Except it isn’t really. After, I mean.
Even as states slowly release their ballot counts, the uncertainty will continue. Recounts will certainly be done. Unrest will certainly boil up. Already in Detroit, mobs are trying to interrupt ballot counting. This is not protest, this is illegal.
Regardless of outcome, I have a heavy heart knowing more than 60 million people voted for Trump. Who looked at the past four years – even the past one year, one month – and said, “More, please.”
These are my fellow Americans, and yet they represent the part that can and should be better: the racist, misogynistic, violent, white supremacist, xenophobic part.
I don’t know what it means to feel the need to say “perhaps individuals aren’t these things, but they represent those things.” Because I can’t do the mental gymnastics it takes to balance the equation that voting to uphold all those things doesn’t make someone complicit in all those things.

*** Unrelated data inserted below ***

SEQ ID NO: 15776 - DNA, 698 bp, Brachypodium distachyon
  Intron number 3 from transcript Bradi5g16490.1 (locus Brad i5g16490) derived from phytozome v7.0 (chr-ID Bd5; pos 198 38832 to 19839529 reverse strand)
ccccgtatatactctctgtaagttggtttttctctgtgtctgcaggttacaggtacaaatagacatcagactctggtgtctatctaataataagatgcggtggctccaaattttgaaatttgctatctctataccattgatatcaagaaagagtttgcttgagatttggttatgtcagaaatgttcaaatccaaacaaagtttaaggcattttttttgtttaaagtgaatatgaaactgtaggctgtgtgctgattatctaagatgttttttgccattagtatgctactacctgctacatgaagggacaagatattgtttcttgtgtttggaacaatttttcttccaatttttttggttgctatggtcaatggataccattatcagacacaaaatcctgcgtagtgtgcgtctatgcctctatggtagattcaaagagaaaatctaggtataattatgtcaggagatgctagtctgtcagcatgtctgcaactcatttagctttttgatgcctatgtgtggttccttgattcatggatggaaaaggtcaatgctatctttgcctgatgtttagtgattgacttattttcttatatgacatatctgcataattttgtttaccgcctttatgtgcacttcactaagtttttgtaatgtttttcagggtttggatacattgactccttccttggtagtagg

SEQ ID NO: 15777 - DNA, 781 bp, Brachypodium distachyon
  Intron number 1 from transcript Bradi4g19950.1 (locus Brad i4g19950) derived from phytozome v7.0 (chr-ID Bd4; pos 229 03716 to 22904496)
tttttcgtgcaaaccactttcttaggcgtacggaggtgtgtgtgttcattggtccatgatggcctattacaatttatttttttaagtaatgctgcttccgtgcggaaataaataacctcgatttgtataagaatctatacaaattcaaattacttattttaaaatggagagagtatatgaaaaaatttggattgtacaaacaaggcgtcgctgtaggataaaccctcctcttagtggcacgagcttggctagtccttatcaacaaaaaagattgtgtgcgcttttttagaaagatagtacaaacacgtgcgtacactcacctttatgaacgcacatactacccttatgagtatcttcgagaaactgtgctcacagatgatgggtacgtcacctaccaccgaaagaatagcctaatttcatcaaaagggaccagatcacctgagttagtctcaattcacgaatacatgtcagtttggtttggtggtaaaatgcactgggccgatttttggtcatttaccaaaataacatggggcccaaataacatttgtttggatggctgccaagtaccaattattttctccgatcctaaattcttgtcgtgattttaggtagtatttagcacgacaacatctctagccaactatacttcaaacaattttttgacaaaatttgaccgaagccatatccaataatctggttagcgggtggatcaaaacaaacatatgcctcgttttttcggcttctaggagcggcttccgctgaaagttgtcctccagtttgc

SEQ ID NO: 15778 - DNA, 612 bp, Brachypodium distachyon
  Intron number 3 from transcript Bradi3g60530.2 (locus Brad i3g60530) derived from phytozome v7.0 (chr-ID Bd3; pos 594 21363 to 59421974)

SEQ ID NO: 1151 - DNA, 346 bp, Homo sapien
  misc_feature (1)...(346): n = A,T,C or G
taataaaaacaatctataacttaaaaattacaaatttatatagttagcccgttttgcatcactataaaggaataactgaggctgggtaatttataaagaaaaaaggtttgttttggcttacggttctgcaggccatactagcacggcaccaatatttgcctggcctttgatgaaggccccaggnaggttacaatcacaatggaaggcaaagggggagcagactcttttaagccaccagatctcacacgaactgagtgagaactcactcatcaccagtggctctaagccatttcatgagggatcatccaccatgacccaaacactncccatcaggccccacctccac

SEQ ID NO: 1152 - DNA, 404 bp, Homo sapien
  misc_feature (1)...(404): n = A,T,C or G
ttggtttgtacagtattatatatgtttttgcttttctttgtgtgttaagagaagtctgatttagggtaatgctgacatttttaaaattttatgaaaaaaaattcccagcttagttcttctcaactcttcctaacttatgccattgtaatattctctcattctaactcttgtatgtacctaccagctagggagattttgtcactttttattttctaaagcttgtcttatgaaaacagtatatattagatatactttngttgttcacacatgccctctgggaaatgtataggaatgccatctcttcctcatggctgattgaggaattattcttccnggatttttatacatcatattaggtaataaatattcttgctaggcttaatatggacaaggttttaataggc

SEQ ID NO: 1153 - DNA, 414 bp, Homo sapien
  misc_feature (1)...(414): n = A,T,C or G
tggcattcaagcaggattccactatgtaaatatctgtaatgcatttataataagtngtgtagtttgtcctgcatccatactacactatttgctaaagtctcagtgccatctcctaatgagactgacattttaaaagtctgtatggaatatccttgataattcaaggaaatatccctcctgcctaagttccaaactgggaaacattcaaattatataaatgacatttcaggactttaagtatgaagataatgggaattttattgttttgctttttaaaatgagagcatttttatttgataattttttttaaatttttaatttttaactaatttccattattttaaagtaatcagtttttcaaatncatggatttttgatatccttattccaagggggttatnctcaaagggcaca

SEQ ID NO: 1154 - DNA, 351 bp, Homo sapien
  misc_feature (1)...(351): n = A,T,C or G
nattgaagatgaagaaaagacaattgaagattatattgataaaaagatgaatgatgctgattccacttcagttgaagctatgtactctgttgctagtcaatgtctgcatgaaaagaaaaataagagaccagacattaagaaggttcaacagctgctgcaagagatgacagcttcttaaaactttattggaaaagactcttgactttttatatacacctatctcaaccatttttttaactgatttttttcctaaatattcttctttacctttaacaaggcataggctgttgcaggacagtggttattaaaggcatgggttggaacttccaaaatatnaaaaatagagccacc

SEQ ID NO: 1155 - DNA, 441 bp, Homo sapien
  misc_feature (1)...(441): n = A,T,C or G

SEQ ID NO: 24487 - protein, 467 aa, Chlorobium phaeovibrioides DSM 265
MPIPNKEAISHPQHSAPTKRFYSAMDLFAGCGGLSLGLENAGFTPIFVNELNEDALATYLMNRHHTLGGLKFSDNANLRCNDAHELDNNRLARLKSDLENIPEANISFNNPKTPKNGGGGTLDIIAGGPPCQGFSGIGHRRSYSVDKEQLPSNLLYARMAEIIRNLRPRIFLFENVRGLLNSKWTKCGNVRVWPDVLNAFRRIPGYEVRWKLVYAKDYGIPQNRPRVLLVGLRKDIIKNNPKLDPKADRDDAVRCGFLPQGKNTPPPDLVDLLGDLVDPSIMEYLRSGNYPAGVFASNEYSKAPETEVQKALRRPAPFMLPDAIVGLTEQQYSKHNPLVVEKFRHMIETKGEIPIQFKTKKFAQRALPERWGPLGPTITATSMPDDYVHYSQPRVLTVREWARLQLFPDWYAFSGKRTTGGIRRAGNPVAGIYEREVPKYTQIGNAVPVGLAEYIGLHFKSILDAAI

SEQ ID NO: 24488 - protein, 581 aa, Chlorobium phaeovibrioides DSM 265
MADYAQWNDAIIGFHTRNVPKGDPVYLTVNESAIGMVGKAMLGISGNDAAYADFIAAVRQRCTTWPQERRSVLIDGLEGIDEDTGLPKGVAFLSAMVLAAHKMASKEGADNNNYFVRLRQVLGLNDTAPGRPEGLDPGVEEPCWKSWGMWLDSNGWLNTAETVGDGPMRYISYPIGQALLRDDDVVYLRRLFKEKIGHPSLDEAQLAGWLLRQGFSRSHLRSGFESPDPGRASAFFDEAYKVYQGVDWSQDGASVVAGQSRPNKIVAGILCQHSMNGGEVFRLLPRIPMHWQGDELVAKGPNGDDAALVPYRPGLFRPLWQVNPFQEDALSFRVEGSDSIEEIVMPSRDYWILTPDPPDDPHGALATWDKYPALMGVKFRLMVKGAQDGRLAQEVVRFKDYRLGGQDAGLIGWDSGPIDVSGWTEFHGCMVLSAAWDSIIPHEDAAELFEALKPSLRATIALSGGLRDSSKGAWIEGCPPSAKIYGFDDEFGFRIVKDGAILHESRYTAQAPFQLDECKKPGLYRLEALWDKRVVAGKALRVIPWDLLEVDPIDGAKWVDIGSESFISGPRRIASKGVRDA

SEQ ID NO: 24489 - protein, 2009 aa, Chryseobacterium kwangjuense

Yesterday, I spent more than 16 hours at a polling place near my neighborhood, greeting people as they came to drop off their ballots, to cast their votes. Parents let their kids drop the envelope into the box and I handed out extra “I Voted” stickers to them. Dogs were posed in front of the outdoor signage. One of our district Supervisors took selfies as he turned in his ballot. A German man and a Japanese woman were also working with me, as was a young student. As I walked around the neighborhood during my short breaks, I saw Biden/Harris signs in windows and people walking their dogs. I know that some of the ballots I saw as we were cleaning up had Trump marked. I couldn’t tell you who walked by me cast that ballot – everyone was cheerful and wearing a mask.
But days prior, a caravan of trucks waving Trump flags drove through the only city in Marin County that isn’t heavily white. That isn’t a coincidence.
So no, I’m not celebrating, but nor am I pessimistic. I’m tired. But so are a lot of people.
I will be meditating on my hope that the long game is one of remembering what it’s like to connect with our neighbors, to trust experts, to unite around a common crisis like climate, to take care of one another even if it means sacrificing a little bit. We don’t have a lot of time for some of this, but they aren’t issues that will change overnight, with one white man after another in charge.
Take care of yourselves, my friends. Here’s a cute dog photo to help.